As I listen, I realize that I have never known such desperation. I cannot identify with these women living in little tents covered with plastic garbage bags in a crowded and dangerous city. I have nothing to compare it to. I feel so disconnected.

Later, reflecting on this experience, I remember my intention. My willingness to see.

So, I look up the definition of “connection.” human-connection2

The relationship among people and objects across the barrier of space.

 

And then I remember something. Words that come in so clearly in the middle of my meditation:

“Have you been with me this long and still do not see me? Not know me?”

Humbled by how blind I am, I say again, “I want to see.”

 

It had seemed like such a small action. This crossing the bridge to hand out food and new underwear.

But it wasn’t. Not for them. And certainly not for me.

Because taking this small step has shown me. Your love is the bridge. Your love is the connection to recovering my sight.

And I know the way by heart.

Lord I want to see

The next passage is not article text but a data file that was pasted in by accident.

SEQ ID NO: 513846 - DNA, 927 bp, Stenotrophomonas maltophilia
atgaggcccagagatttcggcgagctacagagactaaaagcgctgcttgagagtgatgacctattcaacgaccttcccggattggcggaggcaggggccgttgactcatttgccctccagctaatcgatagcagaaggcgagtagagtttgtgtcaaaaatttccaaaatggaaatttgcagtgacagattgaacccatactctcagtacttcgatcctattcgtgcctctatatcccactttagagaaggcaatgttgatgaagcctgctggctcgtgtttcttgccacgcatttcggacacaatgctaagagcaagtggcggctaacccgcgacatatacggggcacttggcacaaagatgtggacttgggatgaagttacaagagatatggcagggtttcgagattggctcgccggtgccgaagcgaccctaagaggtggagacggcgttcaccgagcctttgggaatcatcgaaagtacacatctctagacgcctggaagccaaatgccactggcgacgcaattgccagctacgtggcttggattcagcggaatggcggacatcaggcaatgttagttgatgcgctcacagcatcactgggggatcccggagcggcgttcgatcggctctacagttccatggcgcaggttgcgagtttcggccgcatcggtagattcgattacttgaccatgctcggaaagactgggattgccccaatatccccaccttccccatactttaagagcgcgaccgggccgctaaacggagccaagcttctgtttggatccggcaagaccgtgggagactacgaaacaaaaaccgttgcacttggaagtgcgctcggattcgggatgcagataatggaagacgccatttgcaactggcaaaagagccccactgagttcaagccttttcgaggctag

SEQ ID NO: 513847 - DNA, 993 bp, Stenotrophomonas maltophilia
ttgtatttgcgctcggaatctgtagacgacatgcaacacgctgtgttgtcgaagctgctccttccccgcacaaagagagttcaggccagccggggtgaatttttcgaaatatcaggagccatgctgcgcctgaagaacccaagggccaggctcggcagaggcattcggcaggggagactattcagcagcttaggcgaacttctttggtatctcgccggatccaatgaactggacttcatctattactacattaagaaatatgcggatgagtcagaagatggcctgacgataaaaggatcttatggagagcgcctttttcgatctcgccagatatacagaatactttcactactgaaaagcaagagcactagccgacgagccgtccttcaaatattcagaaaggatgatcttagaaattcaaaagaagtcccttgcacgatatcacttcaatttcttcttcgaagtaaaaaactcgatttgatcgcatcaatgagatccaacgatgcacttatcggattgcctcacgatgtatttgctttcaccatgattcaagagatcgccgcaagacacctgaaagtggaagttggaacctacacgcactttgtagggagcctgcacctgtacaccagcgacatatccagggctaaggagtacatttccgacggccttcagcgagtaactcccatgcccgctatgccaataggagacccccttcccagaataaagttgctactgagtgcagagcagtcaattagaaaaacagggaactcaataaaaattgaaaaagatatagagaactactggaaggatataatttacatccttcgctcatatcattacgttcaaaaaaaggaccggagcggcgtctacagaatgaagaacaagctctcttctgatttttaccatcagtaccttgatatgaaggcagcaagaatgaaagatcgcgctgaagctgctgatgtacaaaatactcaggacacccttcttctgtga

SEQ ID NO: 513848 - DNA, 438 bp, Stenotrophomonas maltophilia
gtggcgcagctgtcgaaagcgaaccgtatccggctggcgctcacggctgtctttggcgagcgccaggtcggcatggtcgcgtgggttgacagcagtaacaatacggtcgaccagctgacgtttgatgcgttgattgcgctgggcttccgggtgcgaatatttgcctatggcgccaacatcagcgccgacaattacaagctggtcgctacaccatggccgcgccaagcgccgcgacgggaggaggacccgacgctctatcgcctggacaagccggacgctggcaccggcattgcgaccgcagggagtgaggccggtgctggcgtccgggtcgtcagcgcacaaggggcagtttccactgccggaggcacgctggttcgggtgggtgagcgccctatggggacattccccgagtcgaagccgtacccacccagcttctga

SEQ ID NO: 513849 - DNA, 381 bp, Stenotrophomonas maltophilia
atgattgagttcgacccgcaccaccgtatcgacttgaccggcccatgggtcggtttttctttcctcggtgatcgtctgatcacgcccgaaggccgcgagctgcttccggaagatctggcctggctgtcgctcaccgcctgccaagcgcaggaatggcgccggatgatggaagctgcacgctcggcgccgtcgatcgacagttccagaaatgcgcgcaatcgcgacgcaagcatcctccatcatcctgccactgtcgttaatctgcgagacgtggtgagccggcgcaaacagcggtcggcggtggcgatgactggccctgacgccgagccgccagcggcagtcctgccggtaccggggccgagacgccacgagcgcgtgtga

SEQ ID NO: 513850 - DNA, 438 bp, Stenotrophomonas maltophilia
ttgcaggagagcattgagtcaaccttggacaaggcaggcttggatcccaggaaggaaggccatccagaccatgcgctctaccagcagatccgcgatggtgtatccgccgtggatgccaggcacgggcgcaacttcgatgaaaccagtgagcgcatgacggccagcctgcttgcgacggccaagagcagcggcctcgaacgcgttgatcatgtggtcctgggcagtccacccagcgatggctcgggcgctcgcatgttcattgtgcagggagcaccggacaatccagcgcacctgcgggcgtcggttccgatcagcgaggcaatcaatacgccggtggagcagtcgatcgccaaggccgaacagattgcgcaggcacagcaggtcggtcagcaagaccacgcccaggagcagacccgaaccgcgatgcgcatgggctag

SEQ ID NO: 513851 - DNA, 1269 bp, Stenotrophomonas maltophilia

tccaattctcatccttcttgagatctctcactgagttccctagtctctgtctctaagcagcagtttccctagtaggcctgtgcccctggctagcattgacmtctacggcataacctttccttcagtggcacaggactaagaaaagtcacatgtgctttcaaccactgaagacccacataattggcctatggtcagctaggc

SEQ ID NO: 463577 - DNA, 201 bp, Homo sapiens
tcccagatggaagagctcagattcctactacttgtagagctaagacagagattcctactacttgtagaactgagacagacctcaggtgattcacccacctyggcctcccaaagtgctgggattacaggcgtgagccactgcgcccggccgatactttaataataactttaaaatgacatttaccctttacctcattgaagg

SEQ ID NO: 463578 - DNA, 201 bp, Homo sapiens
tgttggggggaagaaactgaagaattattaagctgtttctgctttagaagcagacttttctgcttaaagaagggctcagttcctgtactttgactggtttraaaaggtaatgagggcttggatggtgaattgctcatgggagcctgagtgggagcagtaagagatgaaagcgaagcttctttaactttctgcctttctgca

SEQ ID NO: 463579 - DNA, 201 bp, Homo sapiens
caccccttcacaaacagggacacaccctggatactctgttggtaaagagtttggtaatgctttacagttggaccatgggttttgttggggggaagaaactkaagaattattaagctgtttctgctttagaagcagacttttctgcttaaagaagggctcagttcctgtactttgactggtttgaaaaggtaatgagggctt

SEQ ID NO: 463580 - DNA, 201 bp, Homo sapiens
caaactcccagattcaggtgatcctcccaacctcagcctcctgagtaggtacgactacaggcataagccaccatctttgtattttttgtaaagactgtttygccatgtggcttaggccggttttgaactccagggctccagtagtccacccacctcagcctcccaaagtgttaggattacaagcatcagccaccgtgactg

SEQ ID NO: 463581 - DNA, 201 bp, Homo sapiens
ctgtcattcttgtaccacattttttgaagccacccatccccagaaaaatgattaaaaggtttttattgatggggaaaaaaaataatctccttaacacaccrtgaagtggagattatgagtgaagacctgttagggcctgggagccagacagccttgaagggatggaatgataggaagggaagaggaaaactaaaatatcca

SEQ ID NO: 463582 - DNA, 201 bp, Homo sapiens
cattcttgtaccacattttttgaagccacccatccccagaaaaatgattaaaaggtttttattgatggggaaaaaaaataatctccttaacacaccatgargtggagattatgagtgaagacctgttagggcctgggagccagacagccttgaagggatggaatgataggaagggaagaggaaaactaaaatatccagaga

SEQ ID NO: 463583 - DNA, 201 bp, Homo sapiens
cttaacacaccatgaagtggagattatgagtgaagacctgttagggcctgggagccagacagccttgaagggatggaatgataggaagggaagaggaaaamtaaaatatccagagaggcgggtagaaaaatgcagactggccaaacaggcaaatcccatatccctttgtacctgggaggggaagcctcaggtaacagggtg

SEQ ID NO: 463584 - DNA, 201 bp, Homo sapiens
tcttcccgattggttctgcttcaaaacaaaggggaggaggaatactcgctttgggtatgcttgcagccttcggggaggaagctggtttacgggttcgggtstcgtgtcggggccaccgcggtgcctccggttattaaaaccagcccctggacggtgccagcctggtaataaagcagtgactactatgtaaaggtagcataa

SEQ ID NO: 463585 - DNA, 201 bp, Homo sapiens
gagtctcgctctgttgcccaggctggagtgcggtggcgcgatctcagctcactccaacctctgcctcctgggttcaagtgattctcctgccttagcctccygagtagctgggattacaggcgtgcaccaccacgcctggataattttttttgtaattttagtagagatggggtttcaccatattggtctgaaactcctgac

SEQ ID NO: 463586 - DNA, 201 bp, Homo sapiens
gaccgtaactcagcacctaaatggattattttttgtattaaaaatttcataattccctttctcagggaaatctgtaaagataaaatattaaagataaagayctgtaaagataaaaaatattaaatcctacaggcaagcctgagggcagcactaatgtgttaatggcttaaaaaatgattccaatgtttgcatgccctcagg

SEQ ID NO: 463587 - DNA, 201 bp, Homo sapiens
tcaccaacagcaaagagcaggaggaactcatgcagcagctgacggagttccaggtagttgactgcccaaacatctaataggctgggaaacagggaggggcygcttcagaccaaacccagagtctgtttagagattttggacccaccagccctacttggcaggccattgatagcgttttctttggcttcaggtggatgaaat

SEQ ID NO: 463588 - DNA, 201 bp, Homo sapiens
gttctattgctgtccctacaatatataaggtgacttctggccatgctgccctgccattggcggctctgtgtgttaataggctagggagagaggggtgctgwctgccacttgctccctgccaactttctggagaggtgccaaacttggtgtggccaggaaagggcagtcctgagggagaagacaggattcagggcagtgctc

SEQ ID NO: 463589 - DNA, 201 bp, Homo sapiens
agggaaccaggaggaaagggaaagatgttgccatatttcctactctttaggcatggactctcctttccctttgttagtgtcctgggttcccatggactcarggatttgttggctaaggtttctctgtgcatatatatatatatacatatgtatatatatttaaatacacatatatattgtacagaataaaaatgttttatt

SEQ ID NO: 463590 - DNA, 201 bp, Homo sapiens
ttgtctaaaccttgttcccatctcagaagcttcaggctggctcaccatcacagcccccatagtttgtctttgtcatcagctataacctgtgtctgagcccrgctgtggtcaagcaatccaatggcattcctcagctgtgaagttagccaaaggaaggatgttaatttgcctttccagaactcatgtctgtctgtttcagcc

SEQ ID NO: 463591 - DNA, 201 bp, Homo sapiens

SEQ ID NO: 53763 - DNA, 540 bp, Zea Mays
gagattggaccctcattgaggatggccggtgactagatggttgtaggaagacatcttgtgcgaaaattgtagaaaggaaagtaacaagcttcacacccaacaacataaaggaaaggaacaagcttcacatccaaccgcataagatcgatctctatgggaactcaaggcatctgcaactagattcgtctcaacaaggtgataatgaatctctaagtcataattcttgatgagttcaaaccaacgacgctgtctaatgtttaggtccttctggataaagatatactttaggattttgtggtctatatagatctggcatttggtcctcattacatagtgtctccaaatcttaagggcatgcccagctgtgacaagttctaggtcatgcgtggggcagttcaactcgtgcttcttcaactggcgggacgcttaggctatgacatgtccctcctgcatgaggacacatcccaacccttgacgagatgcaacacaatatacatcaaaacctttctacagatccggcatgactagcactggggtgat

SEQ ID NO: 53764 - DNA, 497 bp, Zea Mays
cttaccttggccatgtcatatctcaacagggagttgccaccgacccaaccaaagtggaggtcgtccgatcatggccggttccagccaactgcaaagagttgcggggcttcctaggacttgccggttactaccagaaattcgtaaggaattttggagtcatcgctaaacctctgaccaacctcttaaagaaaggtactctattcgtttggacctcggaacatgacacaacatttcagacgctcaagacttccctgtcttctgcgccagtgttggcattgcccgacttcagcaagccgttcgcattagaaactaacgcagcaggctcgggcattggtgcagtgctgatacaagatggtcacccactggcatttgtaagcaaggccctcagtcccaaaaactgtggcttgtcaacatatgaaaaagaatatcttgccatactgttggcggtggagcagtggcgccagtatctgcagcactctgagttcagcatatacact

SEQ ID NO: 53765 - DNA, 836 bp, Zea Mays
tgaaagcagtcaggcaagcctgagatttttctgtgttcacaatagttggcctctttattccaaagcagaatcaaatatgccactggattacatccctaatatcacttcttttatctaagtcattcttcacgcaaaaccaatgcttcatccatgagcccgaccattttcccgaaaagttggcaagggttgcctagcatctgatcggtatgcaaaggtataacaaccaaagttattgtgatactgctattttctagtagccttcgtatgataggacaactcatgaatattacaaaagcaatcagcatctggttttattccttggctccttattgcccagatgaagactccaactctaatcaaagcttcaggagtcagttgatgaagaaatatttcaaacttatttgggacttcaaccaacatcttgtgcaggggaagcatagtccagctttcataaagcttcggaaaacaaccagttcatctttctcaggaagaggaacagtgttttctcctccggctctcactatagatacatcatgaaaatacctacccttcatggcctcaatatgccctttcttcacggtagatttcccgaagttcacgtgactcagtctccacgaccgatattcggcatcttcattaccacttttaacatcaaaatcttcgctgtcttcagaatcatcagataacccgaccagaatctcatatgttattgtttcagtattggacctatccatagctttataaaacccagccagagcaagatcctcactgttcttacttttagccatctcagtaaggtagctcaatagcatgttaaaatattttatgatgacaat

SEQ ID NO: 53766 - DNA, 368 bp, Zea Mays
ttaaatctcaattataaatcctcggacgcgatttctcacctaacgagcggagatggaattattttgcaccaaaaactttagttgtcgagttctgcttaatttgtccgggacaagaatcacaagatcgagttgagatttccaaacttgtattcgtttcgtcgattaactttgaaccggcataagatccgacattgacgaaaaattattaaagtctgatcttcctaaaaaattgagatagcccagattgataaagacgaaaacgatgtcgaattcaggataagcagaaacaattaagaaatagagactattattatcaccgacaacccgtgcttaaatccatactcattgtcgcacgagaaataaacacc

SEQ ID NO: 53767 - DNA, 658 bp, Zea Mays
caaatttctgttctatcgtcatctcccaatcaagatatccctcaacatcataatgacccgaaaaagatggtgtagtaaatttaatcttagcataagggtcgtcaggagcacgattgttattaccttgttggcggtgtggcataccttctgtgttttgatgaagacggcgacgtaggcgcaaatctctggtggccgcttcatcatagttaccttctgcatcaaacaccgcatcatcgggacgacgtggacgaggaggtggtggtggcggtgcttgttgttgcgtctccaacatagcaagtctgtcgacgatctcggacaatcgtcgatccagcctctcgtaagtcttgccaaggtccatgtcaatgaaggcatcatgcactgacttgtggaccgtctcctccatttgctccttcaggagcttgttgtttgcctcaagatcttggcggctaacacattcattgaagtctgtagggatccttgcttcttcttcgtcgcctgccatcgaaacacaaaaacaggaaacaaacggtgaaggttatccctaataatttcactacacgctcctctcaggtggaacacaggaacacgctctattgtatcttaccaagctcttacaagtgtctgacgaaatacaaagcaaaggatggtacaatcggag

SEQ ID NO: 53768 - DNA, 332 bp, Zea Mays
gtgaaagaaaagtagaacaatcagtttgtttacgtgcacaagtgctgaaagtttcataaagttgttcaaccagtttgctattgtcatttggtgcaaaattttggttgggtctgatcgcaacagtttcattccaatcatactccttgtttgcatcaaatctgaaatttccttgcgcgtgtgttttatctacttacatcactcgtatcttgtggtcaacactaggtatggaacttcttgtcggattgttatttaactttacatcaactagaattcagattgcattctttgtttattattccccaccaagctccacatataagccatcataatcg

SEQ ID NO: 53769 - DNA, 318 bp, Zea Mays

A Conversation with the Moon

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A spiritual connection can come so easily in nature. At least it does when I am open and trusting, like a child, to the mystery. That’s when I discover nature gifts me with answers to my inner questions.

Recently, it happened my last night in Paria Canyon – my last night sleeping under the Milky Way. I had left the cover of my tent off so I could gaze up at the nearly full moon and the preponderance of stars filling the heavens. Feeling comforted and secure, I asked the moon about a concern I had on my heart – a concern about suffering.

And I fell asleep with Sister Moon shining into my tent.

During the night, she gave me a powerful insight through my dreams. I scribbled it all down in my journal, and maybe I will write about it more in depth later on.